Belmont Cragin Mutual Aid connects neighbors in need with groceries and other supplies in the Belmont Cragin area, even delivering food to folks on Saturday mornings. You can volunteer or make donations. The group shares updates on Instagram. Website.
Bernie’s Book Bank provides free, quality book to under-served children in and around Chicago. Every child who participates gets a free bag of books every year. The organization has given away more than 20 million books so far. You can donate new and gently used books at more than 150 locations. You can volunteer. Or you can make a monetary donation. Website.
Brave Space Alliance is a Black- and trans-led LGBTQ center that is based in Hyde Park but works with neighbors throughout Chicago. It runs a community pantry for people in need, offers monetary assistance to trans people of color and created a makeup room where eligible people can pick up makeup for free, among other services. You can volunteer. You can make donations of items or money. Website.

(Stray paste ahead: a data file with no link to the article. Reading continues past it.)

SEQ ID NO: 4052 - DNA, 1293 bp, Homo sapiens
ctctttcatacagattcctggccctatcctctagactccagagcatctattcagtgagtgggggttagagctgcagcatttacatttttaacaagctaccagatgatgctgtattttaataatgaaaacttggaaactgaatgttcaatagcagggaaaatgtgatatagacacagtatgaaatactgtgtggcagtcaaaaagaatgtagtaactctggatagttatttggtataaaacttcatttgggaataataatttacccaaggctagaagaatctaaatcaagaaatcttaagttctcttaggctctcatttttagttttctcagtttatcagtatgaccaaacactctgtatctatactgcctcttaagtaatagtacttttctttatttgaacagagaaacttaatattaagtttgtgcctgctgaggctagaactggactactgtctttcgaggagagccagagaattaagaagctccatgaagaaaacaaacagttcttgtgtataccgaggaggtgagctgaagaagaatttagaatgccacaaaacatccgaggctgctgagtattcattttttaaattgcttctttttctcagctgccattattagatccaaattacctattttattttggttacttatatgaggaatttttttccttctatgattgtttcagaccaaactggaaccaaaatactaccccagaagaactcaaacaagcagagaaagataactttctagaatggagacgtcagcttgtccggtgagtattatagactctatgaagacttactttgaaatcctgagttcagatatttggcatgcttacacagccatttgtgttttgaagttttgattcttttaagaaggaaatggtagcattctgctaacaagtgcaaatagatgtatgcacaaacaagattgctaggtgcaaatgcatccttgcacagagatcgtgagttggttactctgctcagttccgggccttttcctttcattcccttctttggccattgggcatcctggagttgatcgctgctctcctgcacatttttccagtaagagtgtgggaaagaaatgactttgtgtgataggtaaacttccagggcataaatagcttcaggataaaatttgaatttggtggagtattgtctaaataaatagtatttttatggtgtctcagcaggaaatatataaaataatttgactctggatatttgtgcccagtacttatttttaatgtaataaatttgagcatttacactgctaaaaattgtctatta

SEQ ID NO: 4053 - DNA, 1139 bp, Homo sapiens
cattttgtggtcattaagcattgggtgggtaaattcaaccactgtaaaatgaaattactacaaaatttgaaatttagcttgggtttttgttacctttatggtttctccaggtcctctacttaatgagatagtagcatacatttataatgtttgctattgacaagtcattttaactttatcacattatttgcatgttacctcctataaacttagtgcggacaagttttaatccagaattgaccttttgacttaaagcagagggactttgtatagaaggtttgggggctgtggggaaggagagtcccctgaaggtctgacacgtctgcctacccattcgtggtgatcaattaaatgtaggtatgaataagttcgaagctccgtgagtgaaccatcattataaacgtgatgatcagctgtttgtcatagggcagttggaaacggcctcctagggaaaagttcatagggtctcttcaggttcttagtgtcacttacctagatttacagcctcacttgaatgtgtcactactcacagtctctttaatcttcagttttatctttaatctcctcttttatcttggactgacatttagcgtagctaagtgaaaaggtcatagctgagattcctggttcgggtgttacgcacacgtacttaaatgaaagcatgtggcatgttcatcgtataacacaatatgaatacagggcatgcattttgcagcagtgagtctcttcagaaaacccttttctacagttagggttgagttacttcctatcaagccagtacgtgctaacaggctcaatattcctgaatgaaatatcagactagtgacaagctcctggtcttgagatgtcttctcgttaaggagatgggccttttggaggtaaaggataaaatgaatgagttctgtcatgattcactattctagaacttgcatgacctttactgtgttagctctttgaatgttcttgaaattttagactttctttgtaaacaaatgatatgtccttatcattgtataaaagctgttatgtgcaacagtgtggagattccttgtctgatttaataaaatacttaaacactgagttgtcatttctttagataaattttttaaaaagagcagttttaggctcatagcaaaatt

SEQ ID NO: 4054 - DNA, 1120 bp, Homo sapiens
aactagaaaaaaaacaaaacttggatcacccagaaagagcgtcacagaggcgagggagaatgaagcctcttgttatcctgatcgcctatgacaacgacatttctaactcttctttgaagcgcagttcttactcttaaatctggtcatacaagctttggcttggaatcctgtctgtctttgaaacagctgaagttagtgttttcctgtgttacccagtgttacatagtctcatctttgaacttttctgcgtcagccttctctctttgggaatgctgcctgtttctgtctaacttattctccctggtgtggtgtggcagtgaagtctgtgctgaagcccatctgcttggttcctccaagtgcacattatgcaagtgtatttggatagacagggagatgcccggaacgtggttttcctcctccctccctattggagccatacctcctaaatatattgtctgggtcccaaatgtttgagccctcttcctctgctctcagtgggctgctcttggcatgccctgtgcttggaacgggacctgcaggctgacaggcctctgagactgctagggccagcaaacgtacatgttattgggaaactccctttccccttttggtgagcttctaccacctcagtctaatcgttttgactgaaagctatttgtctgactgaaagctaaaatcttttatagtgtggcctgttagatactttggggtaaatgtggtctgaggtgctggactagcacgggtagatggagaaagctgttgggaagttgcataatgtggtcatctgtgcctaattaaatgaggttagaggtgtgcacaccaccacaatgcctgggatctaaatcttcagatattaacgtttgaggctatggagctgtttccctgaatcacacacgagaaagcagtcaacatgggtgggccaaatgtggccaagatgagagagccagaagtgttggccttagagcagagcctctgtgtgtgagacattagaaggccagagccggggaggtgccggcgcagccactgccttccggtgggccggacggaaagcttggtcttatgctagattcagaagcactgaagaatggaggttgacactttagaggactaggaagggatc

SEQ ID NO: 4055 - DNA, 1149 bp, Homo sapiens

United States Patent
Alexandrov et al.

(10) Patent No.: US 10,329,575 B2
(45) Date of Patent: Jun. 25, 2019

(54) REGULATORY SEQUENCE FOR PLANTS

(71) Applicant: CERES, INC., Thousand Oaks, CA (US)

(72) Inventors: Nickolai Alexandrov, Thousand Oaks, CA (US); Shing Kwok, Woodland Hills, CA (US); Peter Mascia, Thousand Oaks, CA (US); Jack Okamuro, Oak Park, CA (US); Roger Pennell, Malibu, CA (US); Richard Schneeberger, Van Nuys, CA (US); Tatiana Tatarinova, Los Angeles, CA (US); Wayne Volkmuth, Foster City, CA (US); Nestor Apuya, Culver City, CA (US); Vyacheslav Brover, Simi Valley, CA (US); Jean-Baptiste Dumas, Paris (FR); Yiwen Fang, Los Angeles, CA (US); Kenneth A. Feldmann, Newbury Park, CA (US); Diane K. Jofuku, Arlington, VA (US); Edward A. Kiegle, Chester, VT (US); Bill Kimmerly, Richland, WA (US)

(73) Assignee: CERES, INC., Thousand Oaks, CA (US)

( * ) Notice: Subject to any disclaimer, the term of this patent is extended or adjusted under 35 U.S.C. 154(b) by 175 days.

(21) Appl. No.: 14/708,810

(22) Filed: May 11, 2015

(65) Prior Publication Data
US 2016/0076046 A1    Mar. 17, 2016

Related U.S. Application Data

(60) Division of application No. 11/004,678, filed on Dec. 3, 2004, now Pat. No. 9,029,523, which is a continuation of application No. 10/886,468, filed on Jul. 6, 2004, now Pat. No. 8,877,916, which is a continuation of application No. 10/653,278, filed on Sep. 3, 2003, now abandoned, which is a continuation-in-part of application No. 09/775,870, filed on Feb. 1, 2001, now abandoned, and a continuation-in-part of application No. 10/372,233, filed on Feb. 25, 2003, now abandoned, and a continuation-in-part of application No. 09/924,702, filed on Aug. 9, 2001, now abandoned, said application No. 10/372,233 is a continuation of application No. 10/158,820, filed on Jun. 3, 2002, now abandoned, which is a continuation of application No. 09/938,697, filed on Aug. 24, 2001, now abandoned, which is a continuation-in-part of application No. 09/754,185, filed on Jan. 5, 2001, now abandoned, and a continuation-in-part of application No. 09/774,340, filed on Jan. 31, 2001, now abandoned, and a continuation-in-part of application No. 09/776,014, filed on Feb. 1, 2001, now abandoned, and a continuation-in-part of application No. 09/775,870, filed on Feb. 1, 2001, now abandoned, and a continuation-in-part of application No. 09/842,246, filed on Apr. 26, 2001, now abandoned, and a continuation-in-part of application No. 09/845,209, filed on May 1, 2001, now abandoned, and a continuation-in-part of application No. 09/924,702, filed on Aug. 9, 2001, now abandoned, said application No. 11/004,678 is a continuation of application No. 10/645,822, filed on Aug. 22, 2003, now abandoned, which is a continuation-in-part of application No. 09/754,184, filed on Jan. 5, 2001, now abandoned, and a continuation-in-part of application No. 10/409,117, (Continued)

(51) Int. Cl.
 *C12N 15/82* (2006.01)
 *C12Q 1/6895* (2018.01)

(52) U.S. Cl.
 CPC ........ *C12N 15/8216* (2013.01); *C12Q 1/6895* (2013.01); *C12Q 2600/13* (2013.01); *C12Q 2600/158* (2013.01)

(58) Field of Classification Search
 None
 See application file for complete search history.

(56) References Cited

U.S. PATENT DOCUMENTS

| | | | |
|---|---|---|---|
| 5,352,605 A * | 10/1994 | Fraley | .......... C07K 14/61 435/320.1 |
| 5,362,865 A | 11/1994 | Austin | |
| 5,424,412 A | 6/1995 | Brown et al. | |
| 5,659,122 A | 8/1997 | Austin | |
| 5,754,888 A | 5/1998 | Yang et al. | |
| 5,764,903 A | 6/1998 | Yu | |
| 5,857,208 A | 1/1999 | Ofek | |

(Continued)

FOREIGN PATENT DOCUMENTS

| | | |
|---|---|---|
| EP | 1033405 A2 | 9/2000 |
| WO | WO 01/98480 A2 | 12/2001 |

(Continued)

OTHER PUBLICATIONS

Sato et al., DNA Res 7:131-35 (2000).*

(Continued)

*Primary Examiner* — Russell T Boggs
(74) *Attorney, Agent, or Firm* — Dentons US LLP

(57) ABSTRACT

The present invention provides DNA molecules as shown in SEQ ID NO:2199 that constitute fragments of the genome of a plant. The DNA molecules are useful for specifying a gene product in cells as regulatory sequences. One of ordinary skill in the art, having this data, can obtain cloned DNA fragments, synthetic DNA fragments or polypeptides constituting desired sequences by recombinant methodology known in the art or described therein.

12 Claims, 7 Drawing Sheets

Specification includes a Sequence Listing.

Bronzeville/Kenwood Mutual Aid is a grassroots group of neighbors that provides a variety of services, including offering supplies to new mothers, providing residents with personal protective equipment and helping people with food and transportation. You can volunteer. You can donate. Website.
Chicago Community Jail Support is a mutual aid project run by volunteers to help people being released from Cook County Jail and their loved ones. The group provides people with clothing, phone calls, snacks, safe transportation home, emergency housing and other goods and services. You can make donations of items or money. You can volunteer in person or from home. Here are more options for giving. Website.
Chicago Hopes For Kids provides educational support for kids living in Chicago shelters. It has after-school and summer programs, among other opportunities, and kids get help with homework and reading. You can volunteer. You can donate. Website.